17 Different Types Of Prisons Around The World


Prisons exist to house those who have violated the law and to keep them out of society. Inmates are imprisoned for a specific amount of time and have very limited liberties while they are there. There are numerous distinct sorts of jails, even though they all serve the same basic purpose.

The Difference Between Jail and Prison

Types of Prision

While some individuals confuse the terms jail and prison, they are two distinct sorts of institutions. A jail, sometimes known as a county jail, is a privately run facility that only holds convicts for a limited period. In most cases, prisons are used to house convicts awaiting a trial or sentencing or serving a term of less than one year.

On the other hand, a prison may be run by the federal government or by the state, and convicts may be held for a longer period. After being sentenced and serving time in jail, some convicts will be transferred to a prison. Inmates who are serving a sentence of more than one year are also housed in prisons.

While each jail or prison has its unique environment, all convicts are entitled to the same necessities: food, water, shelter, and bathroom facilities. Depending on the type of institution and the inmate’s conduct, they may be permitted to have extras such as a radio, TV, books, or food; interaction with other inmates; and use of amenities like as the library or exercise room.

State Prisons Vs. Federal Prisons

The Bureau of Prisons, which is part of the Department of Justice, is in federal prisons. Most criminals will be sent to federal jail rather than state prison if the offense is federal. Even if they are federal, violent crimes frequently result in the offender being sent to a state jail.

In the United States, state prisons outnumber federal prisons, and each state has its prison system. While state jail systems are similar in many ways, they all have their distinct characteristics. Each state has complete control over how their penitentiary system is managed.

The duration of the sentence is one area where federal prisons varies significantly from state prisons. Because federal prisons do not provide parole, convicts tend to spend longer time here than in state prisons, where parole is more likely.

Here is the complete list of types of prison that you should know about.

1. State Prisons

State prison

Offenders who have committed state offenses such as assault, arson, robbery, or homicide are housed in state prisons. Each state has its own set of laws governing the prison system, and the differences between them may be significant. States differ on death punishment, the percentage of prisoners released on probation, and the racial composition of their prison populations.

2. Federal Prison

Federal prisons

Federal offenses such as drug trafficking, identity theft, tax fraud, and child pornography have been brought against inmates in federal prisons. According to the Federal Bureau of Prisons, there are 122 federal prisons in the United States, housing more than 151,000 inmates (BOP). 2 When deciding which prison an offender will be placed to, a variety of criteria are examined, including the offender’s offense and prior criminal record, mental and physical health, and closeness to family.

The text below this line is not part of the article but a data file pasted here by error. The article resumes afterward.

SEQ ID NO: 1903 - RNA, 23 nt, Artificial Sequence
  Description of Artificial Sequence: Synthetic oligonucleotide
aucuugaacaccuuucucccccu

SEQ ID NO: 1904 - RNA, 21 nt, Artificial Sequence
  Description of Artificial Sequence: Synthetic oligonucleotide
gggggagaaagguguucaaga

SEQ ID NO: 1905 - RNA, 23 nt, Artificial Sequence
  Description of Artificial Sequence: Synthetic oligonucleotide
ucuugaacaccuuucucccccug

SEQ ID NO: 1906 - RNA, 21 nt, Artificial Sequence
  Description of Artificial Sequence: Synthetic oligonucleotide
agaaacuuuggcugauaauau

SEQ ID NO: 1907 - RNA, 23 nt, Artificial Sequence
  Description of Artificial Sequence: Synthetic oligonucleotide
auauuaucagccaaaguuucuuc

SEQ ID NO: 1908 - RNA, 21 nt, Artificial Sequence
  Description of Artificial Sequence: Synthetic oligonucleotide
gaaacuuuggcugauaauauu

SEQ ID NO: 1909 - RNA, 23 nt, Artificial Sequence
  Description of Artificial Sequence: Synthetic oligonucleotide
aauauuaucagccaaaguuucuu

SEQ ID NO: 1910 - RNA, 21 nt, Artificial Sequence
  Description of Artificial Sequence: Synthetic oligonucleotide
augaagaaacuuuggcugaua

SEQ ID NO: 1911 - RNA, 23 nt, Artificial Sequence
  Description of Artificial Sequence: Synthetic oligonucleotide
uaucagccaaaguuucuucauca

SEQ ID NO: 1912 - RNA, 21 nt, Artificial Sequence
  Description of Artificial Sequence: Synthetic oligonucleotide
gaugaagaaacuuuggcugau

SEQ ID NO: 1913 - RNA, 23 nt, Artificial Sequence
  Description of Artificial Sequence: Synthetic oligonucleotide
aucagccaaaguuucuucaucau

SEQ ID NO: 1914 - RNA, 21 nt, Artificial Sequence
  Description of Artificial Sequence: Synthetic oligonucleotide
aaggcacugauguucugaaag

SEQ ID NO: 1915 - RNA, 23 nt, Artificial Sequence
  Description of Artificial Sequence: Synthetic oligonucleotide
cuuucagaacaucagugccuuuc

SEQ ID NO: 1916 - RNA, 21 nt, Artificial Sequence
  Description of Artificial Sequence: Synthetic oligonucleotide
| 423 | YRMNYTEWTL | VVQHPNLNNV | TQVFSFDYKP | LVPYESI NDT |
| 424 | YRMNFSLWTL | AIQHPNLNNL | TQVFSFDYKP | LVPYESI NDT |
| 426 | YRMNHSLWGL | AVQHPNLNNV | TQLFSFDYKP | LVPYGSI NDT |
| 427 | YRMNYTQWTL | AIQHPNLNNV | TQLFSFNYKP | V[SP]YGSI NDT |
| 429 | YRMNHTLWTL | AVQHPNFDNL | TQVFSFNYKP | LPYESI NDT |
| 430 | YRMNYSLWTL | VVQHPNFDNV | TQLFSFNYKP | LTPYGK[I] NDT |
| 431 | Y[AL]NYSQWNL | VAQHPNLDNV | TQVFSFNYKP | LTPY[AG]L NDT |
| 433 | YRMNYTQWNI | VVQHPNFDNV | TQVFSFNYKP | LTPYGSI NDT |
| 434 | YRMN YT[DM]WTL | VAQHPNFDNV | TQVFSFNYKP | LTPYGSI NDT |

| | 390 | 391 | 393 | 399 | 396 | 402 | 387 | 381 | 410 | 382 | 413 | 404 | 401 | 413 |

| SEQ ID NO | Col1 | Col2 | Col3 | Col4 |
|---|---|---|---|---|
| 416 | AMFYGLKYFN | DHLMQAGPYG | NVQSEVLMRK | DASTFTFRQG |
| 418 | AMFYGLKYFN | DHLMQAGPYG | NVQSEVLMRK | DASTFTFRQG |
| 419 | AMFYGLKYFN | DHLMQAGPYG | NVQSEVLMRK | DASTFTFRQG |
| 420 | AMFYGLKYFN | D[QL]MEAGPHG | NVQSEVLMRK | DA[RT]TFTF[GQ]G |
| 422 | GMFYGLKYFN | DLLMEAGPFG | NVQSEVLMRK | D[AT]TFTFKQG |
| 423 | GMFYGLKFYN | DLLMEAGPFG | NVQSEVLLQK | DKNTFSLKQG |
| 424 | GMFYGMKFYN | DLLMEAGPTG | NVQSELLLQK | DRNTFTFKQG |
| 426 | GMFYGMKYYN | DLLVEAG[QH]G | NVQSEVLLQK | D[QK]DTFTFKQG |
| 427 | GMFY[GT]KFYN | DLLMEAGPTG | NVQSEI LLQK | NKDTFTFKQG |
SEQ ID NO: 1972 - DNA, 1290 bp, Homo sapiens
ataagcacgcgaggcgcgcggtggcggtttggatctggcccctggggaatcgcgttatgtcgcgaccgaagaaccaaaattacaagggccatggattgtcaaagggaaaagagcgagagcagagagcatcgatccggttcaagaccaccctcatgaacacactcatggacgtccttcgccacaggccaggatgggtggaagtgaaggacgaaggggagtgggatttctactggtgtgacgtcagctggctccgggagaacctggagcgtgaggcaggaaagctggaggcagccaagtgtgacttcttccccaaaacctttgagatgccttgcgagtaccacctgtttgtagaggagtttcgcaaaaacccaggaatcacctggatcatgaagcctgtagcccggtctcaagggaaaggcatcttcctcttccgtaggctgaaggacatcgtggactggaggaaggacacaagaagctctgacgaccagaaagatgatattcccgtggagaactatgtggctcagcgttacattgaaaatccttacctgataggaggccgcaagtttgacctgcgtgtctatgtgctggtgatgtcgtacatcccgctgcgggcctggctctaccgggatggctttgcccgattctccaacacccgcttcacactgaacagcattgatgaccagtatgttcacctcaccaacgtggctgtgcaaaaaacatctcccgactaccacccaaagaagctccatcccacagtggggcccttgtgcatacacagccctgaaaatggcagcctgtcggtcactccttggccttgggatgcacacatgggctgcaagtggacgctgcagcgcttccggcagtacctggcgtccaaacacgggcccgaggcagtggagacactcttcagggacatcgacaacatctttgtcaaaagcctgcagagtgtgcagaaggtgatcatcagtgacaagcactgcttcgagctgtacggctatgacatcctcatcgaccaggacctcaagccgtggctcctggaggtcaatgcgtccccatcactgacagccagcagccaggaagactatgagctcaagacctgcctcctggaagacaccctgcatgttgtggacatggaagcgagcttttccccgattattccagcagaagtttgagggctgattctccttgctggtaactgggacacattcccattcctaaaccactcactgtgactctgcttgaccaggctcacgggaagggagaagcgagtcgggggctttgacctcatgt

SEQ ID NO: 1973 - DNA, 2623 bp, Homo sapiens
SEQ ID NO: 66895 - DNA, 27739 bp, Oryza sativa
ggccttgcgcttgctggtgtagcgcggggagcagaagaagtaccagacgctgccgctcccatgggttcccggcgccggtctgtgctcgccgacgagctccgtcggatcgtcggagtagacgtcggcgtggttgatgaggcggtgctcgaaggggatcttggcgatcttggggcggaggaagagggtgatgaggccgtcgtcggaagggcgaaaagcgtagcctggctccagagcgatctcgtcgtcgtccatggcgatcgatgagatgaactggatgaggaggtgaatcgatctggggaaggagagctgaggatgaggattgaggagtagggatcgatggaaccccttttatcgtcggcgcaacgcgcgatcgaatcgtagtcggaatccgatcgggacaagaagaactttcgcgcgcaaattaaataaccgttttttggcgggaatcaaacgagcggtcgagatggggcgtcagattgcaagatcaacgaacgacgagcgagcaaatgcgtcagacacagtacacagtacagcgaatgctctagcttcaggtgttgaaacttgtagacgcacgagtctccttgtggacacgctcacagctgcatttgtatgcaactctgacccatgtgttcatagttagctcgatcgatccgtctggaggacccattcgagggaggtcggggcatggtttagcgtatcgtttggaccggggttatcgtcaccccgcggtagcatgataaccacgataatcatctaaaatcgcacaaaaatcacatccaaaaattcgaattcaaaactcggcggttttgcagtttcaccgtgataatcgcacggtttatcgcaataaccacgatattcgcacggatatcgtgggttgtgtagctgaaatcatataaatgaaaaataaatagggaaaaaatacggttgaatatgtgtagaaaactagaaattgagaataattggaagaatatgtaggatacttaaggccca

Federal prisons can be classified into one of five categories of security, each designed to fulfill the specific demands of its inmates.

A juvenile is a person who is under the age of eighteen years old. No one under the age of 18 is ever held in a general jail with adults. Instead, they are housed in an institution dedicated just to minors.

Psychiatric Jails Criminals who are considered mentally ill are transported to psychiatric prisons built to seem like hospitals. The convicts, or patients, get psychiatric treatment for their mental illnesses once they arrive. Like any other jail that focuses on rehabilitation, psychiatric prisons are designed to heal individuals rather than simply imprison them as a form of punishment.

Military service branches each have their prisons, which imprison military personnel who have breached laws affecting national security or house prisoners of war. In recent years, the treatment of these detainees has sparked heated discussion, with the concept of torture for enemy combatants becoming a contentious and frequently debated topic.

3. Minimum Security Prisons

Minimum Security

A Federal Jail Camp is another name for a low security prison (FPC). The majority of persons who end up in a minimal security jail are white collar criminals who have committed crimes like fraud or embezzlement. While the crimes are nevertheless regarded severe, the offenders are not considered dangerous — they do not pose the same threat of violence as other inmates.

White collar offenders are transferred to minimal security prisons, where they will be housed in dorms. In addition, there are fewer guards here, and inmates have greater personal freedom than in higher-security prisons. There is also little to no perimeter fence at these institutions.

Work programs or other sorts of activities are available in many minimal security prisons. They’re also frequently seen near a university or on a military post. Inmates may be able to assist with labor demands at a neighboring facility or base.

4. Low Security Prisons

A Federal Correctional Institution (FCI) is a low-security jail with a double-fenced perimeter and either cubicle or dormitory-style accommodation. They generally have job programs or other sorts of programming, just as low security prisons. While the staff-to-inmate ratio isn’t very high, it is higher than in a minimum-security prison.

5. Medium Security Prisons

The majority of offenders are sentenced to a medium-security prison. These are the jails you’re probably most familiar with, with cage or cell-style accommodation, a rigid daily regimen, and armed guards. Rigorous perimeters, such as double fencing with electronic detention systems, a high staff-to-inmate ratio, and various strong internal controls are all hallmarks of medium security prisons. In addition, these institutions provide a variety of jobs and other activities.

6. High Security or Maximum Security Prisons

High security or maximum security prison

Maximum security prisons, often known as high security prisons, are reserved for the most dangerous and violent criminals. In a maximum-security jail, everyone is considered a high-risk inmate. The staff maintains a tight watch on the convicts, and these institutions have an extremely high employee-to-inmate ratio. While these jails include multi-occupant cells, they also have single-occupant cells.